An Australian player is punched in the head by a Filipino player during the brawl. Photo:  EPA/MARK R. CRISTINO
An Australian player is punched in the head by a Filipino player during the brawl. Photo: EPA/MARK R. CRISTINO
Basketball Australia CEO, Anthony Moore, speaks to the media in Brisbane on Tuesday. Photo: EPA/JONO SEARLE
Basketball Australia CEO, Anthony Moore, speaks to the media in Brisbane on Tuesday. Photo: EPA/JONO SEARLE
Nathan Sobey holds his jaw after the brawl. Photo: EPA/MARK R. CRISTINO
Nathan Sobey holds his jaw after the brawl. Photo: EPA/MARK R. CRISTINO
Australia's Thon Maker tries to kick Terrence Romeo of the Philippines. Photo: EPA/MARK R. CRISTINO
Australia's Thon Maker tries to kick Terrence Romeo of the Philippines. Photo: EPA/MARK R. CRISTINO

MANILA, Philipines - A "bruised and battered" Australian team feared for its safety and sought government help to escape the court after a mass brawl with the Philippines at an international match in Manila, officials said Tuesday.

Basketball's governing body FIBA has launched a probe following the chaos at Monday's World Cup qualifying match where players exchanged flying kicks and punches. A total of 13 players were ejected after the melee, with television footage showing a fan punching one of the Australian players and another fan throwing a chair at a visiting player.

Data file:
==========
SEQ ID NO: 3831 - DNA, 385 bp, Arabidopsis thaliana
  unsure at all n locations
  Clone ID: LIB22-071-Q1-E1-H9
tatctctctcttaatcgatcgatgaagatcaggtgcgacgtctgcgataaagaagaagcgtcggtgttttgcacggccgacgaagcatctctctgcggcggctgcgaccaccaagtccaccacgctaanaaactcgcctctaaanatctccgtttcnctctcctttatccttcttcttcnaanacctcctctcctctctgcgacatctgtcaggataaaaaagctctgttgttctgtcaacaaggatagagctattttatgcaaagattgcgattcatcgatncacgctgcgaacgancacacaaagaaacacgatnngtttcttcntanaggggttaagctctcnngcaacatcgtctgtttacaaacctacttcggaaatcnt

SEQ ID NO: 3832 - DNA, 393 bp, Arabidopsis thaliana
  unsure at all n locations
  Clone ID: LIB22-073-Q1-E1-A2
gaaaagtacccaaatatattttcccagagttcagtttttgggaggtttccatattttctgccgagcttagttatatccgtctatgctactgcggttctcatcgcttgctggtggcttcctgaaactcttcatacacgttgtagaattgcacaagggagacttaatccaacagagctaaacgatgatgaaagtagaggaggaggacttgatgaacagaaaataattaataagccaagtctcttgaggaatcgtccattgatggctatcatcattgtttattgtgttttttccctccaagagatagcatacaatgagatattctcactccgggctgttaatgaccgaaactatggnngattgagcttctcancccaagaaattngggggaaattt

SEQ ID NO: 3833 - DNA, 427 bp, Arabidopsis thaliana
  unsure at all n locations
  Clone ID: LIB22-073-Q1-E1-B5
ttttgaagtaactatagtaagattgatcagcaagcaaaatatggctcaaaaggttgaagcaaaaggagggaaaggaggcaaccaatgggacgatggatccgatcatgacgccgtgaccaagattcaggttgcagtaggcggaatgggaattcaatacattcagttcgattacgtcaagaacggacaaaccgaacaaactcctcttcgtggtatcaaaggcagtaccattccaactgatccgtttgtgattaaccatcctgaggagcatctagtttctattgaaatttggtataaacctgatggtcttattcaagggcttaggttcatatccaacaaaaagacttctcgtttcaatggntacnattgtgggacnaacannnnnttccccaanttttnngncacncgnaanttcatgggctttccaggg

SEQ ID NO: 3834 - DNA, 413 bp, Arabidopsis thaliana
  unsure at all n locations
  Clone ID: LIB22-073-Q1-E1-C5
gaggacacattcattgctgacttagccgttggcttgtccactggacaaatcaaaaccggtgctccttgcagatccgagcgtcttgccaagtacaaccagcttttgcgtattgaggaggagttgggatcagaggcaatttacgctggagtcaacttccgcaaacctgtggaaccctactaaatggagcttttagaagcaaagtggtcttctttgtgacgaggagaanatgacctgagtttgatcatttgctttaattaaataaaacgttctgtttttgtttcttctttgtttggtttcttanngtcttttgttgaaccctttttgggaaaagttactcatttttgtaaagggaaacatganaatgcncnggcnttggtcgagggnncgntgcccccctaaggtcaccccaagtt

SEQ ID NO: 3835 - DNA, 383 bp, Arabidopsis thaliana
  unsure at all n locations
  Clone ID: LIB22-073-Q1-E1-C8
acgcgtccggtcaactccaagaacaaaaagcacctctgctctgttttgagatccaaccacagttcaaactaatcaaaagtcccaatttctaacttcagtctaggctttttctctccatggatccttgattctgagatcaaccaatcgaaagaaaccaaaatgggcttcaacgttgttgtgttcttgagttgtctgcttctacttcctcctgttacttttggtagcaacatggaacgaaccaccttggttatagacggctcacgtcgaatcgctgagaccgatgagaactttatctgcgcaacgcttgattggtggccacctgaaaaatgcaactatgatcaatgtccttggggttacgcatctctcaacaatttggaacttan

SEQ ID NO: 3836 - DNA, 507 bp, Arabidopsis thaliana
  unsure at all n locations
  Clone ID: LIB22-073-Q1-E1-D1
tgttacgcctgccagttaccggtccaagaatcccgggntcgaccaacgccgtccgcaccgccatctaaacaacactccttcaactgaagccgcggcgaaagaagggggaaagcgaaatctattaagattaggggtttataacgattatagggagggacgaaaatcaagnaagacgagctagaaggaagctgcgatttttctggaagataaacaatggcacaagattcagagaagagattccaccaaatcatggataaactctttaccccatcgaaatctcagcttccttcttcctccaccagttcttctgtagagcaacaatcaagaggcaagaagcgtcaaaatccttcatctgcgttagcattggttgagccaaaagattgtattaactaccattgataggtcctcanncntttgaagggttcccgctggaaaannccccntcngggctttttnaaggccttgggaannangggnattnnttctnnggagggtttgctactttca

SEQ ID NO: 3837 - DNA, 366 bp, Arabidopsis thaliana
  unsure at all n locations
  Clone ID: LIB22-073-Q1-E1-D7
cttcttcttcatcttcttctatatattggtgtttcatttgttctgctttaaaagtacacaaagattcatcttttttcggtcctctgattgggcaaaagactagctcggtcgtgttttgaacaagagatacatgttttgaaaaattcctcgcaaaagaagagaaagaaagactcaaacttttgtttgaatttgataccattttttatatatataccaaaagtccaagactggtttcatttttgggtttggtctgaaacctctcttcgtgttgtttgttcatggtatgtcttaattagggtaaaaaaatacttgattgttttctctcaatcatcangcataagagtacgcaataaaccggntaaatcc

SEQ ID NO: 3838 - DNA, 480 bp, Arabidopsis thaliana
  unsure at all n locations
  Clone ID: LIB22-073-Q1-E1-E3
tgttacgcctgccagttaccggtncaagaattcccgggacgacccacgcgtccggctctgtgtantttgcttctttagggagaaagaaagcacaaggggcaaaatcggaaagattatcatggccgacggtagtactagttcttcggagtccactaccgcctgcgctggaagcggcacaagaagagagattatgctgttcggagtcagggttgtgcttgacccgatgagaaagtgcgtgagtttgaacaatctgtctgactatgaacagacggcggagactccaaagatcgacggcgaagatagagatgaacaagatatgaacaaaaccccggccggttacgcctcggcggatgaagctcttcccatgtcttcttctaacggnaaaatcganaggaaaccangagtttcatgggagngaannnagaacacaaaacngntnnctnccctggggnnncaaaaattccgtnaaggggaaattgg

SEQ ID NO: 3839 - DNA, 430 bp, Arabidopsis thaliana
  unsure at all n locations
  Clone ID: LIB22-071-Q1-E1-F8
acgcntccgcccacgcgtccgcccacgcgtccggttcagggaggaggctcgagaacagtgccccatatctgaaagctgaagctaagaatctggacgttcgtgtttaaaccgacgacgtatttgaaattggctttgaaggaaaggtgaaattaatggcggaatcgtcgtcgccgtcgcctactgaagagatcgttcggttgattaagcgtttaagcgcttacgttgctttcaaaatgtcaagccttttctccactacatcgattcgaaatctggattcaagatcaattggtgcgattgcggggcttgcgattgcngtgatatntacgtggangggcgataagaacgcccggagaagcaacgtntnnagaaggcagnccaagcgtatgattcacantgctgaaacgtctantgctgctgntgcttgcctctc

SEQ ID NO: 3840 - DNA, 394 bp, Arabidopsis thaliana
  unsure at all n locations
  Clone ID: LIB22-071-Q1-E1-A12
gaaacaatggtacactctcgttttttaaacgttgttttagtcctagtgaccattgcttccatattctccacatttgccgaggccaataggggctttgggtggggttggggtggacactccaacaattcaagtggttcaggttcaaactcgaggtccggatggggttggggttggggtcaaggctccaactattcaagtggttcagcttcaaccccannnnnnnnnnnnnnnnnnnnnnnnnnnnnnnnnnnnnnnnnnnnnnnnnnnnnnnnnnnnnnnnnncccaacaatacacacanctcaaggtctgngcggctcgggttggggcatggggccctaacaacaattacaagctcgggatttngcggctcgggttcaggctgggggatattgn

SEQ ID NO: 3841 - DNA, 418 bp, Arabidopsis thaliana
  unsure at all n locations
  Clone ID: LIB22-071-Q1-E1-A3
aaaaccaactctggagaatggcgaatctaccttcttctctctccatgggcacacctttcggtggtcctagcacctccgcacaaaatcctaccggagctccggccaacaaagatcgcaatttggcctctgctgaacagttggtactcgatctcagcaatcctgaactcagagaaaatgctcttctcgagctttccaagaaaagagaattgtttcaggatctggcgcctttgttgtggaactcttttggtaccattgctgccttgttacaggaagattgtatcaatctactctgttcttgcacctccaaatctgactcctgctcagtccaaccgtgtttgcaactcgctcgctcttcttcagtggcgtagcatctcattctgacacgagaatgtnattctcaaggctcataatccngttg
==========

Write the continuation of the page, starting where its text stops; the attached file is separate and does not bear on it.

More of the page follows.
"We had our players and team management and our coaches in fear of their physical safety," Basketball Australia chief executive Anthony Moore told a news conference. "Are we going to be able to get out of here unscathed?"

Moore said the Aussies "accept our responsibility for our role in last night's incident" and were waiting for the sport's governing body's findings and sanctions. "What we don't accept is the action whereby fans and officials actually get involved in the fray," he said.

The fracas kicked off after a Philippine player appeared to catch an opponent with an elbow in the game at the Philippine Arena outside Manila. Moore said the visitors kept their players and coaches courtside after the game and sought help from the Australian embassy to get the team safely out to their bus and their hotel.

"Physically our players are fine, they're, you know, bruised and battered," Moore said. "Our athletes and coaches actually stayed on the court for a considerable amount of time, (it was) the safest place for our players and our coaches," he said, adding the team are flying out of Manila later Tuesday.

After the incident FIBA tweeted it was opening disciplinary proceedings against both teams, adding "The decision(s) will be communicated in the coming days". Officials for the Philippine basketball federation did not immediately return telephone calls and email by AFP seeking comment.

Thon Maker, one two NBA players on the Australian side, tweeted Tuesday he was "deeply disappointed in the actions displayed" and was taking responsibility for his own actions. "My hope is that this experience provides a springboard for discussion regarding the security surrounding these games," said the South Sudan-born Milwaukee Bucks centre, who was ejected from the match.

The Filipino players were later roundly roasted in social media after several members were photographed taking a group selfie apparently after the fight. "Class," NBA veteran Andrew Bogut, who has played previously for the  Australian national team, wrote while re-tweeting a news account of the Filipino selfie.

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